The 90th meridian east finally enters it’s last region in Russia in the region known as Tuva. Tuva is actually pretty unique and has traditions and customs close to Mongolia including Tibetan Buddhism and Shamanism. Tuva is very mountainous and almost completely cut off from mainland Russia. There are few roads and no train service to the region however it is possible to take a train to Abazan and then take a bus into Tuva. One of the main reasons to visit is the unique throat singing called Khoomei. There are tours offered to the region like this Sayan Ring tour.
From here the 90th meridian east enters a mountainous region that borders right up to the country of Mongolia.
Mongolia – 50°N to 48°N
The 90th meridian east enters Mongolia in a remote mountainous part and continues through the extreme western part of Mongolia for around 150 miles. This area is remote but is accessible through roads and air service from Ulaanbataar. There are officially no border fences with both Russia or China so be careful with crossing as you do need visas and permits. The 90th meridian east exits into China around 48°N.
Enters: 50°03’01.5″N 90°00’00.0″E
Exits: 47°52’52.8″N 90°00’00.0″E
150 miles long
The 90th meridian east enters western Mongolia at around 50°N. Western Mongolia differs from eastern Mongolia culturally in that it’s predominantly more Islamic. Bordering Russia the landscape is barren and mountainous including mountains like Türgen Uul. Nearby is the city of Tsagaannuur. It lies much closer to the borders of Russia and China than Mongolias capital and has special privileges including easy trading with those two nations.
Ölgii lies below Tsagaannuur and is one of the largest cities in the region. It’s occupied by mostly Kazakh people and was a Kazakh village before Mongolia was formed in 1911. Ölgii serves as the starting off point for visiting Altai Tavan Bogd National Park and Tsambagarav National Park Inside it’s possible to see beautiful snow-capped mountains, glaciers, wildlife, nomadic herders still living in felt tents called gers, and eagle hunters just outside the city. It’s possible to see wildlife too argali sheep, ibex, snow leopard, rock ptarmigan and Altai snowcock.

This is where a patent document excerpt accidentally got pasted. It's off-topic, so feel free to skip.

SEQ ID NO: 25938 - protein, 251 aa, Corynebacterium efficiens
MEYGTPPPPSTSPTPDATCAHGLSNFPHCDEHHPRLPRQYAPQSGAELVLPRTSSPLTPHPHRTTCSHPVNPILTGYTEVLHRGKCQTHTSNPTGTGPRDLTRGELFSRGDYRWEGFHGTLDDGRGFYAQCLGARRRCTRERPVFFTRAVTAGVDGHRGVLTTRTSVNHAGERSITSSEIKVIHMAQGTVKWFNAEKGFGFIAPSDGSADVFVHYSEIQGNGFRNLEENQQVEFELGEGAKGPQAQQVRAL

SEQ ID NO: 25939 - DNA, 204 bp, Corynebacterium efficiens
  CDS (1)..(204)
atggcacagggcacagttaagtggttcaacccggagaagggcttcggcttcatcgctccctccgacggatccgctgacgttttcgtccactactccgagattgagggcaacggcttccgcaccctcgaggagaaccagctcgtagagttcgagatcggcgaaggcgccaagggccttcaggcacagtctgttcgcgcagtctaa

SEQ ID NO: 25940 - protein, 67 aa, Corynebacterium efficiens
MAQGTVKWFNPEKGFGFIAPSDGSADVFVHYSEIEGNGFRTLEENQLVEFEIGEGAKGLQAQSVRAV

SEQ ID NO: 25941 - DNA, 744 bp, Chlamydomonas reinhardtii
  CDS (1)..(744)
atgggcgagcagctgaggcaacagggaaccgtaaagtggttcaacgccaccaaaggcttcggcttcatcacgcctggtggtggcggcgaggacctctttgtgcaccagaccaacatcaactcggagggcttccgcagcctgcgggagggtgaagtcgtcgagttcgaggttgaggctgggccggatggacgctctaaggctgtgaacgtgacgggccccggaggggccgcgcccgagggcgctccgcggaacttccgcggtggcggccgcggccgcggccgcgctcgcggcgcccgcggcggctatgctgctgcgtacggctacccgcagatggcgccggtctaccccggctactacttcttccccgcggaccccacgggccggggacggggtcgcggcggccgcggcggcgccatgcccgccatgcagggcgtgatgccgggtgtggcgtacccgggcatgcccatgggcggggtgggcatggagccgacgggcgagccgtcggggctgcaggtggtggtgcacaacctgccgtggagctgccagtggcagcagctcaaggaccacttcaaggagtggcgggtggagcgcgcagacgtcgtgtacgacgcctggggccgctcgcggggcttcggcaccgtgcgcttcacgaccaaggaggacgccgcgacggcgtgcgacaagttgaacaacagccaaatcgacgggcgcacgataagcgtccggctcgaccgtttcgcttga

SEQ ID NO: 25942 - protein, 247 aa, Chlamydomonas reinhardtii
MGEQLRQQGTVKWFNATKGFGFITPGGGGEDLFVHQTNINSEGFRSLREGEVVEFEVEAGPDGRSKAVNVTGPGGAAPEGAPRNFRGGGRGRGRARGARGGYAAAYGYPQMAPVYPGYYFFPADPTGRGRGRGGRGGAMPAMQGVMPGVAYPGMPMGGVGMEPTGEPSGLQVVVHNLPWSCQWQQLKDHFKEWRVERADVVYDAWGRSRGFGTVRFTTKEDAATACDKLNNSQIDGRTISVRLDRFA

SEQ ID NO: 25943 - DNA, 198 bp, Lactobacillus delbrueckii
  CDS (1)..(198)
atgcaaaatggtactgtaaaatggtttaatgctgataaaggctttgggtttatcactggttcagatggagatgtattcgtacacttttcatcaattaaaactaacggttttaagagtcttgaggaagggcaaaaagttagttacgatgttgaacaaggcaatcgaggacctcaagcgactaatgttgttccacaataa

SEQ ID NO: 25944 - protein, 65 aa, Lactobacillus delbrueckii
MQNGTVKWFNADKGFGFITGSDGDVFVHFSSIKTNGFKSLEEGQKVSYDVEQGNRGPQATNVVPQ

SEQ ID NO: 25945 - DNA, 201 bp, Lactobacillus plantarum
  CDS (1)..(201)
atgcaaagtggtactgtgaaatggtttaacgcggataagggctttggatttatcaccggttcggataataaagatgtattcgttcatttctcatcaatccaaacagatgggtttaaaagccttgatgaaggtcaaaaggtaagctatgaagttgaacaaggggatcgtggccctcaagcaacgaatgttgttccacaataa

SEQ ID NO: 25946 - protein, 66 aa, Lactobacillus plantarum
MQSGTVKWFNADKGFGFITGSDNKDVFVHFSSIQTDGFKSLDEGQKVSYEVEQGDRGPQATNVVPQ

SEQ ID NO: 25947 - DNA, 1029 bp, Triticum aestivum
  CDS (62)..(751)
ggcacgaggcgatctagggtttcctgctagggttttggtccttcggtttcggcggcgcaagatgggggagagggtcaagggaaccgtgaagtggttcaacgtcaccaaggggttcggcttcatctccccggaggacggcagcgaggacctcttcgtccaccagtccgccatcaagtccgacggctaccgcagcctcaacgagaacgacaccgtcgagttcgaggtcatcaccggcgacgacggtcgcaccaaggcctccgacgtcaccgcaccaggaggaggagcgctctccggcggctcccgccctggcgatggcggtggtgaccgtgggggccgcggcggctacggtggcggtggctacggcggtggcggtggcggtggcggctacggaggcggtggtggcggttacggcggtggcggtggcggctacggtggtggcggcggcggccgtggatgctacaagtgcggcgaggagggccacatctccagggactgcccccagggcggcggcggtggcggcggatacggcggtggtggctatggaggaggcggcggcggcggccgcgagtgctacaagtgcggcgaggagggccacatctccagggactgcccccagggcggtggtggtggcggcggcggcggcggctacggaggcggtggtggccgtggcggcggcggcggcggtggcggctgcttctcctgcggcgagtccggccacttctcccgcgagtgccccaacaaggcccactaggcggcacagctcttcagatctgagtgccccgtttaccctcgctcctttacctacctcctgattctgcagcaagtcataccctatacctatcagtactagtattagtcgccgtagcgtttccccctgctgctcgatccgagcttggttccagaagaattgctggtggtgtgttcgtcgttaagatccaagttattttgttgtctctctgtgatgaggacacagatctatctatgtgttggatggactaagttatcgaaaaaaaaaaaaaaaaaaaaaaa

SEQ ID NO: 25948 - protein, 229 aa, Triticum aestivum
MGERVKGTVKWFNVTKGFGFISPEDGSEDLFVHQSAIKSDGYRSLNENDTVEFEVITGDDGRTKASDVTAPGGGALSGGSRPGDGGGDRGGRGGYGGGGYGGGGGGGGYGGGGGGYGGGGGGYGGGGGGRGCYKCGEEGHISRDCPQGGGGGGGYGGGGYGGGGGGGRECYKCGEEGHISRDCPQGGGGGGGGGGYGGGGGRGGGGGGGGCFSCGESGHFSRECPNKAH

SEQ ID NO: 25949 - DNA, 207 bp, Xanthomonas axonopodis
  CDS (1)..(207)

It’s probably easiest to get to this area by flying into Ölgii from Ulaanbaatar or it’s possible to drive from Russia and China. It should be noted that it’s best to speak or at least understand Russian, Mongolian, or Chinese and to have a border permits if your within 100 km of the the border. There are no border markings marking the Mongolian / Russian border. It is possible to cross without realizing so make sure to stay aware. If you see red flags, that marks the border with China and you need to turn around.
China – 48°N to 28°N
The 90th meridian east enters China in the remote, arid, northwest mountains in the province of Xinjiang. It then continues through western China for 1,351 miles and through the provinces of Qinghai, and the autonomous region of Tibet. The 90th meridian east exits China at around 28°N with the disputed border of Bhutan.
Enters: 47°52’52.8″N 90°00’00.0″E
Exits: 28°19’56.2″N 90°00’00.0″E
1,351 miles long
The 90th meridian east passes through mostly remote parts of China. It first makes it way through the Chinese province of Xinjiang in a remote area filled with desert and beautiful mountains.
The 90th meridian east comes close to the major city of Turpan and goes directly over the cities of Mori, Shanshan, the Ancient City of Gaochang, and Bezeklik Thousand Buddha Caves. This area was a major stopping point for silk road travelers but destroyed by war in the 14th century. It’s possible to travel here through here via Ürümqi or Turpan.
Further south the landscape is barren and transitions to the most eastern part of the Taklamakan Desert. Around 40°N there is a former salt lake but recently has been used as a nuclear test site. It’s dry most of the year and can range from very hot to downright freezing in the winter. It would be advised to not cross this area alone or without help from experienced guides.
Near the northern border of Tibet the landscape becomes a high desert plateau with an average elevation of 13,000 feet. The landscape is barren with hundreds of lakes scattered throughout the land as well as beautiful mountains. The 90th meridian east then straddles the extreme western part Qinghai province and then fully enters into Tibet for the rest of China. This part of Qinghai is very mountainous with access to the area almost impossible.